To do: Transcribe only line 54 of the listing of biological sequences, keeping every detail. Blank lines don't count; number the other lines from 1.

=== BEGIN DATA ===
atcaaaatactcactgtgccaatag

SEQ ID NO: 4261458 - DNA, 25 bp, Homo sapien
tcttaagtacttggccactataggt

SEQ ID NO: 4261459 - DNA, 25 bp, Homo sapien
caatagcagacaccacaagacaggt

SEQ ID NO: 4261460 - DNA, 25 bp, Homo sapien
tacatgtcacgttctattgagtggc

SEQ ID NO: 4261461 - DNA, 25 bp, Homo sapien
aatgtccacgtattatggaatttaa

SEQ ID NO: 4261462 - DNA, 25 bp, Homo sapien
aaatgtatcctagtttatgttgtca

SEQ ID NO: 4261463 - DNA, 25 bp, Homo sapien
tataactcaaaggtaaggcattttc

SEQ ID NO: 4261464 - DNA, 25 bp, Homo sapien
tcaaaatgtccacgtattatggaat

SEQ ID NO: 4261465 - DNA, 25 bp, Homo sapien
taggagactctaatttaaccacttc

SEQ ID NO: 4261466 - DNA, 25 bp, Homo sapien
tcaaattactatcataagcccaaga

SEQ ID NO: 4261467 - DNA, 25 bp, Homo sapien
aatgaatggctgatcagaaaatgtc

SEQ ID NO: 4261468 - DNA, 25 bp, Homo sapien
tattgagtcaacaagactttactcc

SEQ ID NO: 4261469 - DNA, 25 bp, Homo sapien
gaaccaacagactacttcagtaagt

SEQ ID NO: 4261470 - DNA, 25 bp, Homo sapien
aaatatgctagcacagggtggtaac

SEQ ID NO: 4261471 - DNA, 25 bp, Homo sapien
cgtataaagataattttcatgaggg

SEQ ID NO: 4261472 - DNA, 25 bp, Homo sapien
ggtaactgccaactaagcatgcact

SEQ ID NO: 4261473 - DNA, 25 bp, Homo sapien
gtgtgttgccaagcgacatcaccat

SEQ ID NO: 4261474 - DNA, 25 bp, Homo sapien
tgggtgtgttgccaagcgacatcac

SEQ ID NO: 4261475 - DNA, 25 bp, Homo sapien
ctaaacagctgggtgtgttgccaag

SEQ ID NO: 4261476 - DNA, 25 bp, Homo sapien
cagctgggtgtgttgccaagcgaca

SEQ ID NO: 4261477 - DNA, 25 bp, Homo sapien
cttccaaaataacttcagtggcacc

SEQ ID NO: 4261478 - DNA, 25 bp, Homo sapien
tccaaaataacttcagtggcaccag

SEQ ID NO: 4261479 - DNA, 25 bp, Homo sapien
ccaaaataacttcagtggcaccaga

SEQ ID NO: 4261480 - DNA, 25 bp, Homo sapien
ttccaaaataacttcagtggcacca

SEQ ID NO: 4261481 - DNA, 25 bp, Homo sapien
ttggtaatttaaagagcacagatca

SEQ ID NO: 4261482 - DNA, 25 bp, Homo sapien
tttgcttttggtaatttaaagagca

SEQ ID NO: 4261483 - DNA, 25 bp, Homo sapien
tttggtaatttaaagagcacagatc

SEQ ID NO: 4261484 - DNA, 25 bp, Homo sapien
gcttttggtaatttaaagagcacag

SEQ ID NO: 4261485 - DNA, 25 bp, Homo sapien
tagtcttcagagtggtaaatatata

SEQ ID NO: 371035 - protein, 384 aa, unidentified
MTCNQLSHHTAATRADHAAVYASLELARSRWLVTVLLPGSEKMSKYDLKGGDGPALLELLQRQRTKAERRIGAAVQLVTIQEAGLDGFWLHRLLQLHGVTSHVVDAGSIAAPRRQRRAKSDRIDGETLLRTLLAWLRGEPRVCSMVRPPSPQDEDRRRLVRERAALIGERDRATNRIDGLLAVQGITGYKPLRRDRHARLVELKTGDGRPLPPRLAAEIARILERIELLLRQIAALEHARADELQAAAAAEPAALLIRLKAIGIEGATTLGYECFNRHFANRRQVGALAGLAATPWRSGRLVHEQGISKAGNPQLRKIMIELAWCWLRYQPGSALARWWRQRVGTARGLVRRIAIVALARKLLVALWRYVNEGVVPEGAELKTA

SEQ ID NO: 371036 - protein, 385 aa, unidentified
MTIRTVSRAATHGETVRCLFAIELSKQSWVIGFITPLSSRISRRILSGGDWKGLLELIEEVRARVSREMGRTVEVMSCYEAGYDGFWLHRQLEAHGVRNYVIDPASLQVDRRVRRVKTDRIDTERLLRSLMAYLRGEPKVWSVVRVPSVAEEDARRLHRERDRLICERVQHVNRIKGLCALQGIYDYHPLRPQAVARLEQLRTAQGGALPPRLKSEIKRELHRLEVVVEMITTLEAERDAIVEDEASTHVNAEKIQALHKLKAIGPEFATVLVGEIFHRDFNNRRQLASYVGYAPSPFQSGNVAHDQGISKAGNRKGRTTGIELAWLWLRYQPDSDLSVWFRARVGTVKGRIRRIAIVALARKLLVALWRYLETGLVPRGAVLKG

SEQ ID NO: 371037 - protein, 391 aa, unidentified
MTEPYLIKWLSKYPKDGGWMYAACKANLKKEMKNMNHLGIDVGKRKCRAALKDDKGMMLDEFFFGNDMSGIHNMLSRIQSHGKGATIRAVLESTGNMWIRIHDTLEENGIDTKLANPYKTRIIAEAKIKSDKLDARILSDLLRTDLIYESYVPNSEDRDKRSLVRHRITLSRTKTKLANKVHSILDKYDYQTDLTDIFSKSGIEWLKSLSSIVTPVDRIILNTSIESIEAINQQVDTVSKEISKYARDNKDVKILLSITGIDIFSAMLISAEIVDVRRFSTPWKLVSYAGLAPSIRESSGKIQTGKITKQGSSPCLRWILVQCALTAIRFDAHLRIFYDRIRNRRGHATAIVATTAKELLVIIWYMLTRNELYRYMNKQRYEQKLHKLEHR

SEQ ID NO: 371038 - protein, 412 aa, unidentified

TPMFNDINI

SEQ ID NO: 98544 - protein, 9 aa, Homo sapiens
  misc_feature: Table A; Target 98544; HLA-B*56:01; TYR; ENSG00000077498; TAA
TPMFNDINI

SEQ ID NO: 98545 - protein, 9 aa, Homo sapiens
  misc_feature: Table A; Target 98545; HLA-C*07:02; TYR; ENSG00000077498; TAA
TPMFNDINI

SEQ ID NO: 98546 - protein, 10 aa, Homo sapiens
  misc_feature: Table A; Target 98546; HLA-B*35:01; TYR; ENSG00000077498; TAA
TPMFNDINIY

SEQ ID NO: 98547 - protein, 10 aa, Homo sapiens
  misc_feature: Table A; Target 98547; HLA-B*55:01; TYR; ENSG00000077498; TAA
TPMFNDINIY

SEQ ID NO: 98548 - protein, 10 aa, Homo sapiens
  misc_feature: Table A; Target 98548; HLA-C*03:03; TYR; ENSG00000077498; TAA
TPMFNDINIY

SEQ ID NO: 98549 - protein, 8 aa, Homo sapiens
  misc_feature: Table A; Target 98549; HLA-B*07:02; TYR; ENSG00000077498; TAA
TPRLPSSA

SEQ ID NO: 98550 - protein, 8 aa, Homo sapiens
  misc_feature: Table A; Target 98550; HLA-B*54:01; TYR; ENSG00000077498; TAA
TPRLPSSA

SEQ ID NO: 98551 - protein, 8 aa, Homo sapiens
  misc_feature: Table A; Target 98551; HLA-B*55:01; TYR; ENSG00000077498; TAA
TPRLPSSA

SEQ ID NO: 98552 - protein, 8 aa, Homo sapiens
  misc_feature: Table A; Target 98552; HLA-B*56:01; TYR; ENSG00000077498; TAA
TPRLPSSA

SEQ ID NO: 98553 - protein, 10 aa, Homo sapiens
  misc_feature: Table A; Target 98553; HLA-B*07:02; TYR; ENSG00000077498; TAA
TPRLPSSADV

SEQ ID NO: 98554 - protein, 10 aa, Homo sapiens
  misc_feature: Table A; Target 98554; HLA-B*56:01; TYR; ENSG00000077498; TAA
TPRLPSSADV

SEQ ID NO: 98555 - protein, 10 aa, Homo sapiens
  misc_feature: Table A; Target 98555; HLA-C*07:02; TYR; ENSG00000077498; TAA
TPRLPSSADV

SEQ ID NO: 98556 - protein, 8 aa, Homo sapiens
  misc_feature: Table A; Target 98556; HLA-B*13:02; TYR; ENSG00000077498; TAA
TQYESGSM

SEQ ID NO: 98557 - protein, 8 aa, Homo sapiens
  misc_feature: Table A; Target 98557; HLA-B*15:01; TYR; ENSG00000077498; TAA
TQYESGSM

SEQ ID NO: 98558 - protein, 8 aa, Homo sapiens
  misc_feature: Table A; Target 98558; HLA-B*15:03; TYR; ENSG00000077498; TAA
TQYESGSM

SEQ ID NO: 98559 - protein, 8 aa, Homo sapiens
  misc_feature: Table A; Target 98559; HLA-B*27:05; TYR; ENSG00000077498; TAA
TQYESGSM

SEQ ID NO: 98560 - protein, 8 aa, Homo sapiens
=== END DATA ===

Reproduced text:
SEQ ID NO: 4261484 - DNA, 25 bp, Homo sapien